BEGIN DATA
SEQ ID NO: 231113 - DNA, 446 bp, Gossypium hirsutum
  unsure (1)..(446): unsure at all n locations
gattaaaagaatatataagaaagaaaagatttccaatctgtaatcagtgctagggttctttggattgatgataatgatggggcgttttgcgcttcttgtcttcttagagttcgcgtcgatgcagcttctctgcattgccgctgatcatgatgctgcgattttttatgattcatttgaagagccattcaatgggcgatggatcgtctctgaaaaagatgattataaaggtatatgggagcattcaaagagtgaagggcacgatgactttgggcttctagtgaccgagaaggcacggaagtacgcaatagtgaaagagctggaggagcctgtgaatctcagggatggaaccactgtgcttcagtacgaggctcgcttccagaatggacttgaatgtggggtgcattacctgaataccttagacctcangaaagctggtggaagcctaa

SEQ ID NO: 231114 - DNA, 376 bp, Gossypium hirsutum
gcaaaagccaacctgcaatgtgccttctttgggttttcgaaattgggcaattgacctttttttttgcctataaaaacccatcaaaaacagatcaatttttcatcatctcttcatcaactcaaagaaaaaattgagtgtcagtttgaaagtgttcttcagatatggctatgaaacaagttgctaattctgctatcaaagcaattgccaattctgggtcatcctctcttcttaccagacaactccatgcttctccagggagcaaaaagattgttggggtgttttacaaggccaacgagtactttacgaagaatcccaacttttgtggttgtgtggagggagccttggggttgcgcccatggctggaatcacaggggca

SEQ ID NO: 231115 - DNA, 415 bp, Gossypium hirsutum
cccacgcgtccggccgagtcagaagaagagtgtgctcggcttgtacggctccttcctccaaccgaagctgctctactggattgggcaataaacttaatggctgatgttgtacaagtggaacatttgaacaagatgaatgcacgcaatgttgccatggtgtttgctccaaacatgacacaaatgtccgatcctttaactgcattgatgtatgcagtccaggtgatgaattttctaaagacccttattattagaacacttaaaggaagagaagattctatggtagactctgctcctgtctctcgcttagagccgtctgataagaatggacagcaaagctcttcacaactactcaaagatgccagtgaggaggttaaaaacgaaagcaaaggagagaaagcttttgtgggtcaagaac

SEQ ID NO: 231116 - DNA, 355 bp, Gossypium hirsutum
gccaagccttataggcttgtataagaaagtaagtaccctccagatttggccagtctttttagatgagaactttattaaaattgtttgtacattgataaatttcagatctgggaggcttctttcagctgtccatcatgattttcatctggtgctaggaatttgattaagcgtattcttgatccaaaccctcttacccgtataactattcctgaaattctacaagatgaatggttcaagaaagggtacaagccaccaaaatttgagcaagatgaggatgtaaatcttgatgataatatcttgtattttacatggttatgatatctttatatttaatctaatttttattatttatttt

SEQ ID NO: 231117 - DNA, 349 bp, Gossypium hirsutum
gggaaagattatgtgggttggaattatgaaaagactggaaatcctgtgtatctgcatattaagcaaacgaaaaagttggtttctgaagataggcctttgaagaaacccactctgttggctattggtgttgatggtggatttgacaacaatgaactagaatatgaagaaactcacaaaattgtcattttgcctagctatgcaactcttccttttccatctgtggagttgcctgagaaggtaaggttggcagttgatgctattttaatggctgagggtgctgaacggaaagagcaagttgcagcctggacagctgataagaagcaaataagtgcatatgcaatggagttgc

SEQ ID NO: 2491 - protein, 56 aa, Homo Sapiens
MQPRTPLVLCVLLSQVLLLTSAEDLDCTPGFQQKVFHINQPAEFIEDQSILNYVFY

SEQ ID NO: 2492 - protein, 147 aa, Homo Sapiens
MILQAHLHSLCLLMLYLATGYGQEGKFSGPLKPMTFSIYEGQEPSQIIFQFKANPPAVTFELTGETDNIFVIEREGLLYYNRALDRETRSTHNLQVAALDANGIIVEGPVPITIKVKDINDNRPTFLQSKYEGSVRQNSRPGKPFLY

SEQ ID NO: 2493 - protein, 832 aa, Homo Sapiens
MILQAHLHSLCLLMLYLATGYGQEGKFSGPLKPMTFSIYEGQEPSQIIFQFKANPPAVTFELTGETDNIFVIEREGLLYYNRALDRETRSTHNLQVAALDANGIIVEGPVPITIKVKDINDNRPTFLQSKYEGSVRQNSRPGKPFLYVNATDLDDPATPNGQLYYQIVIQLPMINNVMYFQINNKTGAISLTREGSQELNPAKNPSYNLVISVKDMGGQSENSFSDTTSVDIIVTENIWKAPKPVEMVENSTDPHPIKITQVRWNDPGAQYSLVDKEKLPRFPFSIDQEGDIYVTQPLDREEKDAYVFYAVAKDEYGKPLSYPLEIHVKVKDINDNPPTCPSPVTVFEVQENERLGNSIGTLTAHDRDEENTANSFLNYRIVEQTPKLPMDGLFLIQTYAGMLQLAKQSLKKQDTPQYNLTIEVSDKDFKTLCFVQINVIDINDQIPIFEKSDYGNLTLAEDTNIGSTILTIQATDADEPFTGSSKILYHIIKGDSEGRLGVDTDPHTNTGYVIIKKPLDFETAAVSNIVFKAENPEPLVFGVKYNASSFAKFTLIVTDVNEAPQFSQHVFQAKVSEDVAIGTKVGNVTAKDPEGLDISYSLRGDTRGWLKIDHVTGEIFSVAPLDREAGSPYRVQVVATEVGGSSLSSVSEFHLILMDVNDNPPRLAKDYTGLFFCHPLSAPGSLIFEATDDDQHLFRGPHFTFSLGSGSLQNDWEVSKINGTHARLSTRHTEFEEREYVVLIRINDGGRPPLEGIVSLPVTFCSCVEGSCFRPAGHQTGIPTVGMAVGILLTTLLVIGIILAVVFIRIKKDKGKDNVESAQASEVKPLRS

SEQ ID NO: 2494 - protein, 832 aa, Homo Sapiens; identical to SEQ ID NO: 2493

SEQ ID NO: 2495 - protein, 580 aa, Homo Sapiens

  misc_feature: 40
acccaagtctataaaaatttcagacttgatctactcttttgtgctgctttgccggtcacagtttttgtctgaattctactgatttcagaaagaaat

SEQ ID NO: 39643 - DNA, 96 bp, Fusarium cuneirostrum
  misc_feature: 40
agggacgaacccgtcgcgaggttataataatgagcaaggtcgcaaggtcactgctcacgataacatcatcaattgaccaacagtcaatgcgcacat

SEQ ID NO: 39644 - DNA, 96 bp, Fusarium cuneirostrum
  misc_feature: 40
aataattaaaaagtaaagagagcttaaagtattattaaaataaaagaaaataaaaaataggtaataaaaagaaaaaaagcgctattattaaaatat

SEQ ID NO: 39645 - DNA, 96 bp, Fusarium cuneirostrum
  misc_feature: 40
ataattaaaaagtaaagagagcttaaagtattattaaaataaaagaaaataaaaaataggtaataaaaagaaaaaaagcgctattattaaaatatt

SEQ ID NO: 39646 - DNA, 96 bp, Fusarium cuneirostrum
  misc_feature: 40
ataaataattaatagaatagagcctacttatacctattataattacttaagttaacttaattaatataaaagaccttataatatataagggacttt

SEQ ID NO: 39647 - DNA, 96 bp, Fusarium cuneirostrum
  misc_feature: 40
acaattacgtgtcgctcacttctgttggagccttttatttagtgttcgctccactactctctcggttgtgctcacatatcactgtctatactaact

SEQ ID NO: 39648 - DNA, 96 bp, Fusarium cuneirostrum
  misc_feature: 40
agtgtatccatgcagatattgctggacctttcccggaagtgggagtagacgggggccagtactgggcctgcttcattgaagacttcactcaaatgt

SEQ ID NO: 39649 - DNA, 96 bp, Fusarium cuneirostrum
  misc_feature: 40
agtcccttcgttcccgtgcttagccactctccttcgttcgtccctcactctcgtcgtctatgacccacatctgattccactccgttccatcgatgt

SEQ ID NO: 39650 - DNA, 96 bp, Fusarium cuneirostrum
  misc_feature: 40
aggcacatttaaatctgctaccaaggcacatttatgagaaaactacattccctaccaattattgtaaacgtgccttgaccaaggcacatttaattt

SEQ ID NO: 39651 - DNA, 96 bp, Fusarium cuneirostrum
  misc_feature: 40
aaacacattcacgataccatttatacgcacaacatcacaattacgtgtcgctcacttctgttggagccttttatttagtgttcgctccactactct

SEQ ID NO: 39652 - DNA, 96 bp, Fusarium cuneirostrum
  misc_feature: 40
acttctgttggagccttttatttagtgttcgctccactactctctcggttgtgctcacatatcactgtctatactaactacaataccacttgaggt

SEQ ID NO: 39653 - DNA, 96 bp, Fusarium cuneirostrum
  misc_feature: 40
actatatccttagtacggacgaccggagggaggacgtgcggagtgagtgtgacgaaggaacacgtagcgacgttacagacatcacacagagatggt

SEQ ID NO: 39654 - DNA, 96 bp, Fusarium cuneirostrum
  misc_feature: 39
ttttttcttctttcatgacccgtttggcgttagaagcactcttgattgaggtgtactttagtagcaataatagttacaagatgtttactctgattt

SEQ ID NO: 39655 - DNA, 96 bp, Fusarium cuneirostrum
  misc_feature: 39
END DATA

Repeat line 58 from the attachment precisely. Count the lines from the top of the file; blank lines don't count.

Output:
SEQ ID NO: 39655 - DNA, 96 bp, Fusarium cuneirostrum